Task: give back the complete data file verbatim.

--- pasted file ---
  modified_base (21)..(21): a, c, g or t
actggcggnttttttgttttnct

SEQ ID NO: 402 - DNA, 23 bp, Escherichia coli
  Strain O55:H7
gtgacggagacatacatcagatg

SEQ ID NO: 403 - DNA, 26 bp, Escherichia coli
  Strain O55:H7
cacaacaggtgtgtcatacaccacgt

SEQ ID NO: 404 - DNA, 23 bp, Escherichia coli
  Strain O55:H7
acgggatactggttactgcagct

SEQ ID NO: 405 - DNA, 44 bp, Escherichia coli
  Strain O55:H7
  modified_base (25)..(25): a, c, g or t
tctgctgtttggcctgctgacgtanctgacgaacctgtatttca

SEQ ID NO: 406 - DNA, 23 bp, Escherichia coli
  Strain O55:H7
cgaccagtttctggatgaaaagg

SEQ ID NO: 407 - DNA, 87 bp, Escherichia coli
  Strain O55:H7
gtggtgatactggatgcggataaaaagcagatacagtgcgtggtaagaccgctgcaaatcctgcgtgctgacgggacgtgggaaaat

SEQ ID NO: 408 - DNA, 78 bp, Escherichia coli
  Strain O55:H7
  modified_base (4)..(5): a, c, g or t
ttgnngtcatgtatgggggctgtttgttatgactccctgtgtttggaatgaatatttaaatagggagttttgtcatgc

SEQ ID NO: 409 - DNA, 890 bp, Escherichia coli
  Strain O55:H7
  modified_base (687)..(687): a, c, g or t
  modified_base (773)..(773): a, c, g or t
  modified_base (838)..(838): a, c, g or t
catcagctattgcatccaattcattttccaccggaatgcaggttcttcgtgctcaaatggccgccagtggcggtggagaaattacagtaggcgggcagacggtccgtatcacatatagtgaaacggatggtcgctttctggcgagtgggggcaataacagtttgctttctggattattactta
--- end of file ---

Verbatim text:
  modified_base (21)..(21): a, c, g or t
actggcggnttttttgttttnct

SEQ ID NO: 402 - DNA, 23 bp, Escherichia coli
  Strain O55:H7
gtgacggagacatacatcagatg

SEQ ID NO: 403 - DNA, 26 bp, Escherichia coli
  Strain O55:H7
cacaacaggtgtgtcatacaccacgt

SEQ ID NO: 404 - DNA, 23 bp, Escherichia coli
  Strain O55:H7
acgggatactggttactgcagct

SEQ ID NO: 405 - DNA, 44 bp, Escherichia coli
  Strain O55:H7
  modified_base (25)..(25): a, c, g or t
tctgctgtttggcctgctgacgtanctgacgaacctgtatttca

SEQ ID NO: 406 - DNA, 23 bp, Escherichia coli
  Strain O55:H7
cgaccagtttctggatgaaaagg

SEQ ID NO: 407 - DNA, 87 bp, Escherichia coli
  Strain O55:H7
gtggtgatactggatgcggataaaaagcagatacagtgcgtggtaagaccgctgcaaatcctgcgtgctgacgggacgtgggaaaat

SEQ ID NO: 408 - DNA, 78 bp, Escherichia coli
  Strain O55:H7
  modified_base (4)..(5): a, c, g or t
ttgnngtcatgtatgggggctgtttgttatgactccctgtgtttggaatgaatatttaaatagggagttttgtcatgc

SEQ ID NO: 409 - DNA, 890 bp, Escherichia coli
  Strain O55:H7
  modified_base (687)..(687): a, c, g or t
  modified_base (773)..(773): a, c, g or t
  modified_base (838)..(838): a, c, g or t
catcagctattgcatccaattcattttccaccggaatgcaggttcttcgtgctcaaatggccgccagtggcggtggagaaattacagtaggcgggcagacggtccgtatcacatatagtgaaacggatggtcgctttctggcgagtgggggcaataacagtttgctttctggattattactta